IRS Tax Tip 2013-32, March 13, 2013
Many members of the military are able to get their tax returns prepared for free on or off most military bases including overseas locations. The U.S. Armed Forces participates in the Volunteer Income Tax Assistance program sponsored by the IRS. VITA provides free tax advice, tax preparation, tax return filing and other tax help to military members and their families.
Here are four things you need to know about free military tax assistance:
- Armed Forces Tax Council. The Armed Forces Tax Council oversees the military tax programs offered worldwide. AFTC partners with the IRS to conduct outreach to military personnel and their families. This includes the Army, Air Force, Navy, Marine Corps and Coast Guard.
- Volunteer tax sites. Military-based VITA sites staffed with IRS-trained volunteers provide free tax help and tax return preparation. Volunteers receive training on military tax issues, such as combat zone tax benefits, filing extensions and special benefits that apply to the Earned Income Tax Credit.
- What to bring. To receive free tax assistance, bring the following records to your military VITA site:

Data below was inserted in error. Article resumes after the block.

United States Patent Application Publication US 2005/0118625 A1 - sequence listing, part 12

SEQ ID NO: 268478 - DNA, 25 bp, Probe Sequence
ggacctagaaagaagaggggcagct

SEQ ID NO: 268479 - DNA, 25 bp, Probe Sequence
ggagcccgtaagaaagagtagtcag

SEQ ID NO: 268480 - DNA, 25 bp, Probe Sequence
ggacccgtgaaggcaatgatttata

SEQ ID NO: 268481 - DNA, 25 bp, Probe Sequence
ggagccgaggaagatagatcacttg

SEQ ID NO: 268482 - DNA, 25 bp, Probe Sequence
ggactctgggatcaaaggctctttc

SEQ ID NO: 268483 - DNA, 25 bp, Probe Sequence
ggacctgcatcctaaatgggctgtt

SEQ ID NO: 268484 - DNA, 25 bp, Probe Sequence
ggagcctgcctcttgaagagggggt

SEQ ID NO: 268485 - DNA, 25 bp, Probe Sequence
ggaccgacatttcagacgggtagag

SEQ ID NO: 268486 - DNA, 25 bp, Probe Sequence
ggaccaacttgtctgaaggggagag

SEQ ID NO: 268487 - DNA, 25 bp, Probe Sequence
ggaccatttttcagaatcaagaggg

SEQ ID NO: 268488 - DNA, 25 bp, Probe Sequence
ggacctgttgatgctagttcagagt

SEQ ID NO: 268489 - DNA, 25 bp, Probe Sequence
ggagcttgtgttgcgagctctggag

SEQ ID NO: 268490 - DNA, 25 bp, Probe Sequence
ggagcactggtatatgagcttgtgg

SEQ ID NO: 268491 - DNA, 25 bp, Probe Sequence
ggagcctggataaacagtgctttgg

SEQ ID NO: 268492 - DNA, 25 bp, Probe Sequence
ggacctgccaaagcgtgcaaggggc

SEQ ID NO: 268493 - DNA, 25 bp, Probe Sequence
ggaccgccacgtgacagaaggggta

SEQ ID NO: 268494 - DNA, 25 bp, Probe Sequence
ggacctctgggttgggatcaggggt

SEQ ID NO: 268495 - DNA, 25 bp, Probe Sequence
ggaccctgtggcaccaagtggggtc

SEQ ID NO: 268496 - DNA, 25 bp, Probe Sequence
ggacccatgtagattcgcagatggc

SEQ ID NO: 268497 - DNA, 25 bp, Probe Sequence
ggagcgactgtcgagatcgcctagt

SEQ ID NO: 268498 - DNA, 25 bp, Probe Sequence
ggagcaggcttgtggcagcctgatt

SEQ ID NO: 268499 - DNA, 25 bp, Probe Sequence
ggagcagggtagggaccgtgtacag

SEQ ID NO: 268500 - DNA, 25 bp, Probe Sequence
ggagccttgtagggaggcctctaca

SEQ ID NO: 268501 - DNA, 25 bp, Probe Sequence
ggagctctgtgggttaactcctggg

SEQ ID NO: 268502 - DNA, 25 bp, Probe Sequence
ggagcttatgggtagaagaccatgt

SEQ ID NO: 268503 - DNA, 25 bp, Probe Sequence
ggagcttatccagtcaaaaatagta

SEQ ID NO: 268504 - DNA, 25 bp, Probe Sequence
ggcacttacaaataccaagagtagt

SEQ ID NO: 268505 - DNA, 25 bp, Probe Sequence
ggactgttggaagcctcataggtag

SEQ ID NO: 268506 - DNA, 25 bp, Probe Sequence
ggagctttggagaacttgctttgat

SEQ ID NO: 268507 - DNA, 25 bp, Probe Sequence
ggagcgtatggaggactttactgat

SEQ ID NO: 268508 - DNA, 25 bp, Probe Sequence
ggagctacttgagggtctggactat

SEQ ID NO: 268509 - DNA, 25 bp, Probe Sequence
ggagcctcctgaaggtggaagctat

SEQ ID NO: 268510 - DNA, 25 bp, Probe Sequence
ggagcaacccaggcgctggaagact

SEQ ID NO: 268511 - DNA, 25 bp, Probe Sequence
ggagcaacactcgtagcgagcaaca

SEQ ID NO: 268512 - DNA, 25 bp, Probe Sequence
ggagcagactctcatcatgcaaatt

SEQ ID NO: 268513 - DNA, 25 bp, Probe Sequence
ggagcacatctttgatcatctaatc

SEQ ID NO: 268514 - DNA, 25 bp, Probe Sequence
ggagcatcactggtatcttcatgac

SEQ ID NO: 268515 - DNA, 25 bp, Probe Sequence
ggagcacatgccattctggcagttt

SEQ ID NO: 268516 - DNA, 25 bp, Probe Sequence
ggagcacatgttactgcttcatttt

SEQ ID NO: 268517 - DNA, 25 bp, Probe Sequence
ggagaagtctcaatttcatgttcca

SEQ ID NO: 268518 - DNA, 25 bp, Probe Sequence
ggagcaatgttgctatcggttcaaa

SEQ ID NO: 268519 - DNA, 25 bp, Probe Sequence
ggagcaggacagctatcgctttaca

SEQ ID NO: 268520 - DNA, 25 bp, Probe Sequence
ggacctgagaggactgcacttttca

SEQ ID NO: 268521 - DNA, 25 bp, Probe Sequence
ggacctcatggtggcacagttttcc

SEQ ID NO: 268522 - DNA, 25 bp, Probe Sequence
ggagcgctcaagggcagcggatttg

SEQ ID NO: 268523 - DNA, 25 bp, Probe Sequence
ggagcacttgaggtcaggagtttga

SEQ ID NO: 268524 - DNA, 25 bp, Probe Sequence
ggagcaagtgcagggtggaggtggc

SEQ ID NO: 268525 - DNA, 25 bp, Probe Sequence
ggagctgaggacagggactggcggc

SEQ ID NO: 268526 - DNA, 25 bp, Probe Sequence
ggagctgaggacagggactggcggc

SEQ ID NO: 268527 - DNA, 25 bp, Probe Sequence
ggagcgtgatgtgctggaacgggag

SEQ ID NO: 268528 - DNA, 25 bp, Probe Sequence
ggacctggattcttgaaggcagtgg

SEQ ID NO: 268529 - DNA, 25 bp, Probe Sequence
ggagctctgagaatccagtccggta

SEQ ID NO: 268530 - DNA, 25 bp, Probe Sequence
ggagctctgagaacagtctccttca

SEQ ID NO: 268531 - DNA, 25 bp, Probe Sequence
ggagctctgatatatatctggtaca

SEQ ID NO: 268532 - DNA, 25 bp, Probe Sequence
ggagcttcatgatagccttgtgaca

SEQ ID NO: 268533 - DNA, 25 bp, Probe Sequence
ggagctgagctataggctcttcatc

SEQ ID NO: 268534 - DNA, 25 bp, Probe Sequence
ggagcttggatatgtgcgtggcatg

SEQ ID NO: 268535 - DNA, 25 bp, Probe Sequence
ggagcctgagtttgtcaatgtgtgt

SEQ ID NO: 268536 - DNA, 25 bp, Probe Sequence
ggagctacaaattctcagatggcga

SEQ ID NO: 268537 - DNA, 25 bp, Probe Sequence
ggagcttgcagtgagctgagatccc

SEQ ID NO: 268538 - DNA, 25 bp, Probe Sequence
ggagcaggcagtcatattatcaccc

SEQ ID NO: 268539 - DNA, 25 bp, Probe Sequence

- Valid photo identification
- Social Security cards for you, your spouse and dependents, or a Social Security number verification letter issued by the Social Security Administration
- Birth dates for you, your spouse and dependents
- Wage and earning statement(s), such as Forms W-2, W-2G, and 1099-R
- Interest and dividend statements (Forms 1099)
- A copy of last year’s federal and state tax returns, if available
- Checkbook for routing and account numbers for direct deposit of your tax refund
- Total amount paid for day care and day care provider’s identifying number. This is usually an Employer Identification Number or Social Security number.
- Other relevant information about income and expenses
- Joint returns. If you are married filing a joint return and wish to file electronically, both you and your spouse should be present to sign the required forms. If both cannot be present, you usually must bring a valid power of attorney form along with you. You may use IRS Form 2848, Power of Attorney and Declaration of Representative for this purpose.
There is a special exception to this rule if your spouse is in a combat zone. The exception allows a spouse to prepare and e-file a joint return with a written statement stating the other spouse is in a combat zone and unable to sign.
IRS Publication 3, Armed Forces’ Tax Guide, has more helpful information for members of the military. You can download free publications from the IRS.gov website or order them by calling 800-TAX-FORM (800-829-3676).
Additional IRS Resources:
- Tax Information for Members of the Military
- Special EITC Rules for the Military
- Combat Zone Service Q&As
- Form 2848, Power of Attorney and Declaration of Representative
- Publication 3, Armed Forces’ Tax Guide
IRS YouTube Videos:
- Military Tax Tips - English | Spanish | ASL
- Combat Pay - English | Spanish